Sadly, dementia patients often refuse to eat and/or lack appetite, which can be a source of worry and frustration for caregivers. The risk of your loved one choking or inhaling food into their lungs is too high to force them to eat. A loved one with dementia who refuses to eat requires creative, compassionate solutions.
There is a range of factors that may cause dementia sufferers to lose their appetite, including confusion, mood, and inability to recognise hunger signals. The body shuts down due to the progression of dementia in severe-stage sufferers who lose appetite/interest in food. Here are some tips for coping with dementia-related refusal to eat:
Advice on Eating and Dementia
- Examine whether their vision is a contributing factor. If they’re not finishing their meal, try turning their plate 180 degrees and then see if they finish.
- Find contrasts and colours. White plates on white tablecloths may distract your loved one, while colourful dishes can aid their focus.
- Besides water, find alternative hydration methods. Try soup or cereal as a liquid meal.
- Your loved one’s eating habits might be caused by dental issues. If necessary, take them to the dentist if there is redness, swelling, or pain.
- Consider heartburn, constipation, diarrhoea, and nausea as possible causes of your loved one’s refusal to eat. Inquire about any medications the patient is taking that might be causing the loss of appetite.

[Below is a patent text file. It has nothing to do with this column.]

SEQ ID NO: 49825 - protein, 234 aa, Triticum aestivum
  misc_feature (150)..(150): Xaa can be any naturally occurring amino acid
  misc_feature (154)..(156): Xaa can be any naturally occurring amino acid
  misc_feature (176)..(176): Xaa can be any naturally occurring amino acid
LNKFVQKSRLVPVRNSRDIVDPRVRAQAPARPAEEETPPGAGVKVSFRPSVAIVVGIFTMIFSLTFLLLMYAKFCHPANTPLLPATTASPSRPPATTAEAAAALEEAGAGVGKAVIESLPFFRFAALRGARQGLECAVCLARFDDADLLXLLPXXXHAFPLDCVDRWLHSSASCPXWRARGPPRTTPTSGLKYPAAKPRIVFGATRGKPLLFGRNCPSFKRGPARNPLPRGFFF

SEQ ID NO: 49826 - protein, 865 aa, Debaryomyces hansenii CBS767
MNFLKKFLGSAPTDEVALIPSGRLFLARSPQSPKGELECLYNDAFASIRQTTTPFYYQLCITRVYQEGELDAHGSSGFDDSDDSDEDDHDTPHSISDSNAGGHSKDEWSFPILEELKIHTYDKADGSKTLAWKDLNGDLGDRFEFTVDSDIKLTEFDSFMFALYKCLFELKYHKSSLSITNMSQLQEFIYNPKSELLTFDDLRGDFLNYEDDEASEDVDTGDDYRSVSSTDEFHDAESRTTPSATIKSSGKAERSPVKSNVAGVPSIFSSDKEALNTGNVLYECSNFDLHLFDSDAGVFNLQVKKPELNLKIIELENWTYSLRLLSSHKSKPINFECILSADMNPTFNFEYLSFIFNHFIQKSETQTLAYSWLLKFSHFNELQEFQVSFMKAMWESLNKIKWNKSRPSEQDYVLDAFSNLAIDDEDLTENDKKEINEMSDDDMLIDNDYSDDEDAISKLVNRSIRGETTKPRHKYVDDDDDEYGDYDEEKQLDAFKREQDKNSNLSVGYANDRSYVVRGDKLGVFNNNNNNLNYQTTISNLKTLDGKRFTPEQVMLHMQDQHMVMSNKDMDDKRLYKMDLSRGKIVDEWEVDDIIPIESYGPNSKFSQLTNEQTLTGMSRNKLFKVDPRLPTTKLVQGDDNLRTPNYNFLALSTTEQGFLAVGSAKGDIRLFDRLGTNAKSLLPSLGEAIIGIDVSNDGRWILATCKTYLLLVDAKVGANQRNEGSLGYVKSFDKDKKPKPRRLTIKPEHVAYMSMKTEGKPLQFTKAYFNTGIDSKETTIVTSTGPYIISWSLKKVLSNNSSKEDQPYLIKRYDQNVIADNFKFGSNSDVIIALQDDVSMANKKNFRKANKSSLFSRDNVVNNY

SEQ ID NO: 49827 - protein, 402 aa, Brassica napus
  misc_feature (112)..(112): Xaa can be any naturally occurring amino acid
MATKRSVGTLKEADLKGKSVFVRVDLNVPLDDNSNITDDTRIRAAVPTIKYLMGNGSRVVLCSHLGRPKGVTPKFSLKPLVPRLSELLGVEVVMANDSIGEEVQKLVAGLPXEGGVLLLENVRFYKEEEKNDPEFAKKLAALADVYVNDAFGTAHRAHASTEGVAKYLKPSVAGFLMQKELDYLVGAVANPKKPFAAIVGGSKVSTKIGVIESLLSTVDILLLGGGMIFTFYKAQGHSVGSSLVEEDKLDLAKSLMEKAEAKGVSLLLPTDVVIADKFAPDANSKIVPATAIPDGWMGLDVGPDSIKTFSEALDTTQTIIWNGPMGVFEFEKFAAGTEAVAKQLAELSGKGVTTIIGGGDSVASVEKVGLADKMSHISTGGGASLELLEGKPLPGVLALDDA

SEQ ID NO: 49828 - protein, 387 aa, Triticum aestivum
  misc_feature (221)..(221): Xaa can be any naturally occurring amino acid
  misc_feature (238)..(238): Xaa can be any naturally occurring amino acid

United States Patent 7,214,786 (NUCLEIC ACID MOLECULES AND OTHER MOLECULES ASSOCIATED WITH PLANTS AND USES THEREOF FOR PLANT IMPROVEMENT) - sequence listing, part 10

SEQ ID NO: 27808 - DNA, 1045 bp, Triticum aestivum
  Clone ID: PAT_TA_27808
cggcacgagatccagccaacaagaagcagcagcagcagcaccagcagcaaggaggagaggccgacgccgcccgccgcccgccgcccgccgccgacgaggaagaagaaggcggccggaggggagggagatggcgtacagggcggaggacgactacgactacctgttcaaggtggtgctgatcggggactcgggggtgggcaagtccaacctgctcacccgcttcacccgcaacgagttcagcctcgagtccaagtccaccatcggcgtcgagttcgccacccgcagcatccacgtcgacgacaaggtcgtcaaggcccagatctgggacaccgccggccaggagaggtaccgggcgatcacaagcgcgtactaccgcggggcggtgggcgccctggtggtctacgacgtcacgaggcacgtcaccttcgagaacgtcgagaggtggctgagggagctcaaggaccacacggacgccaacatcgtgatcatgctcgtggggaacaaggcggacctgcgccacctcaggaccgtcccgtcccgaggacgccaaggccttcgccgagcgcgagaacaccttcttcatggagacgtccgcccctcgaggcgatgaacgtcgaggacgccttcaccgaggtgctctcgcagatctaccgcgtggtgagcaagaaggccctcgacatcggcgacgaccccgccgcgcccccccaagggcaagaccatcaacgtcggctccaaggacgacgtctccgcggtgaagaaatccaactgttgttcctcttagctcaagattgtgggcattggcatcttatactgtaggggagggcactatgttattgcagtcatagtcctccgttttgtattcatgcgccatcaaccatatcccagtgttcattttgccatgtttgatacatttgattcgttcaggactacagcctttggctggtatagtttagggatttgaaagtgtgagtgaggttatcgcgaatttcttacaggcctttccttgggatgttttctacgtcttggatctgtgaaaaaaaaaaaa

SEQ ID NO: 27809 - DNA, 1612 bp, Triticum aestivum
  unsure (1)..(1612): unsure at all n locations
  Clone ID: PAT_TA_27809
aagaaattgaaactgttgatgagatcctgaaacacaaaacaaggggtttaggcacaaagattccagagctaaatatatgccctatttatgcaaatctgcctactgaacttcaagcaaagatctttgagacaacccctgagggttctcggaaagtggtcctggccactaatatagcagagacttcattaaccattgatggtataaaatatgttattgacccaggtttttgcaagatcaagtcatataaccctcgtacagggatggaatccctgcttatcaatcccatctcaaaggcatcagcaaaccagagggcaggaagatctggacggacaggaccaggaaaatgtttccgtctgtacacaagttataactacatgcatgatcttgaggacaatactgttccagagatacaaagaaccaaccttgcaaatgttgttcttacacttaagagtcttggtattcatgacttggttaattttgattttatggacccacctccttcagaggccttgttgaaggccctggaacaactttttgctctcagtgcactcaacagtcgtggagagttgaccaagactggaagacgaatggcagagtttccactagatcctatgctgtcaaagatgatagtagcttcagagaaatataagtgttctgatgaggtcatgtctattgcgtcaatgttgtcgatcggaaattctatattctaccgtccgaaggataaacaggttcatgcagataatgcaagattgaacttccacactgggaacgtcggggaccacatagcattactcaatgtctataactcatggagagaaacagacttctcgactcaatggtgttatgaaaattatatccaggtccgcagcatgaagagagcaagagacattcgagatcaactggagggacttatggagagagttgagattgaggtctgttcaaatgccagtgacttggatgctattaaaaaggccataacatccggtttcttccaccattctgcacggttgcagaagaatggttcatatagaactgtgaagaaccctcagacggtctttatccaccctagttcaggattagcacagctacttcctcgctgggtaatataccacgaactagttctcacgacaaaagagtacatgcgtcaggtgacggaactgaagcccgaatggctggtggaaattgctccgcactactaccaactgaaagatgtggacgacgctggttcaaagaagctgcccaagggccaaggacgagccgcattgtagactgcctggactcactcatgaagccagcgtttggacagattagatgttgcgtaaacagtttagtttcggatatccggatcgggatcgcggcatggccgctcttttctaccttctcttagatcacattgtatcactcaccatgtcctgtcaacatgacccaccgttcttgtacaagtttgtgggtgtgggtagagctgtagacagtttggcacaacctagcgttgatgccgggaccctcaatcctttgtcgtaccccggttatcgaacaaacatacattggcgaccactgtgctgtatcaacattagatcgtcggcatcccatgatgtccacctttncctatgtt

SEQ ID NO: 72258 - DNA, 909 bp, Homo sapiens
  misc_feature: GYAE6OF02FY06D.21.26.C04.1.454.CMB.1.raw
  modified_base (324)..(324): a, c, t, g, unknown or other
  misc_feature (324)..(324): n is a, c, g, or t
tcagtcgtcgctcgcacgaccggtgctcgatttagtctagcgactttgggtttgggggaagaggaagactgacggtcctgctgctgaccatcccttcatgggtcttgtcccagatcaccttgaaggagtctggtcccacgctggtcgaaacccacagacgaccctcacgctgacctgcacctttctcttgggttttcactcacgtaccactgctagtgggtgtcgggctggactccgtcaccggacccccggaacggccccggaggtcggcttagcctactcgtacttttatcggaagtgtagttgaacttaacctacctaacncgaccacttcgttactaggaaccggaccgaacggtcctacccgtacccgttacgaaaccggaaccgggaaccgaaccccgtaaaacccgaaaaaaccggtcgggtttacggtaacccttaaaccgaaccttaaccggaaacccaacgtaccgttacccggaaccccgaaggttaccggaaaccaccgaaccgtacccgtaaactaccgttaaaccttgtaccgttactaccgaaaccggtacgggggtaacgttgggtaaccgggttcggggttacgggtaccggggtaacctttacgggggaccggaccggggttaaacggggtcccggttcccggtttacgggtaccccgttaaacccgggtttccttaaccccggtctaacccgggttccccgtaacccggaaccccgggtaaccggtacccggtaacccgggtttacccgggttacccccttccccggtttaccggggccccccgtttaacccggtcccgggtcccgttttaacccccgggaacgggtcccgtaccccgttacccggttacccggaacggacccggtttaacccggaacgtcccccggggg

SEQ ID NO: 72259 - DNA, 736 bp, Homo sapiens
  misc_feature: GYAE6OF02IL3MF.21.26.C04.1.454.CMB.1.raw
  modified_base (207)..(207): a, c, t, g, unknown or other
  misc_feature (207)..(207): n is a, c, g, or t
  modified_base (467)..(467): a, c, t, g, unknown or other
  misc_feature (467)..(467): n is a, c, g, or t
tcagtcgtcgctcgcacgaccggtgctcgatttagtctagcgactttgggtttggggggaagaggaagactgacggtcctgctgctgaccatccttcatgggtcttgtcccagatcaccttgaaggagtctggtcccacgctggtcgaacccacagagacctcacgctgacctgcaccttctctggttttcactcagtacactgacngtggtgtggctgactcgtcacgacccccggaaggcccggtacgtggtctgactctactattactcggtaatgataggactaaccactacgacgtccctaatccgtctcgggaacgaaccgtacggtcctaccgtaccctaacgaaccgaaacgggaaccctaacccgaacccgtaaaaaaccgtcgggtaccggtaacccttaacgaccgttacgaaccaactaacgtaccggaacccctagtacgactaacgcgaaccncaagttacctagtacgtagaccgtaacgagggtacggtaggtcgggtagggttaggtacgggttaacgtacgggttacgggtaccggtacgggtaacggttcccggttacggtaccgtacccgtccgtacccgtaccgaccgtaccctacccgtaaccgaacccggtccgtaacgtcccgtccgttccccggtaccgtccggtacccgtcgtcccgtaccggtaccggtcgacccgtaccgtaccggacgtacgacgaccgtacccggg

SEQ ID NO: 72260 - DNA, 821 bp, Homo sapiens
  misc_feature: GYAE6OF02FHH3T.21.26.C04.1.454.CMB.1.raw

- Snacks and meals should be small, frequent, and easy to eat.
- Walking can stimulate appetites, so encourage your loved one to get some light exercise. Find ideas for exercises to help those with dementia.
- Provide your loved one with a drink or moistened sponge so that they can stay comfortable. A drop of honey or maple syrup or small amounts of juice may also be pleasant.
- Speak to your loved one’s doctor about the possibility of prolonging life through artificial nutrition and hydration.
- Join caregiver support groups. They offer valuable advice from people who have been in similar situations.
Remember, your loved one is an adult, not a child. If your loved one refuses to eat, do not punish them; simply try another tactic and start over. It may be possible to come up with a solution that will satisfy their hunger and reduce your worries at the same time.
For further information about the help we can give you call our experienced team at HomeCare Mellor on 01772 722 985 or 01254 689 981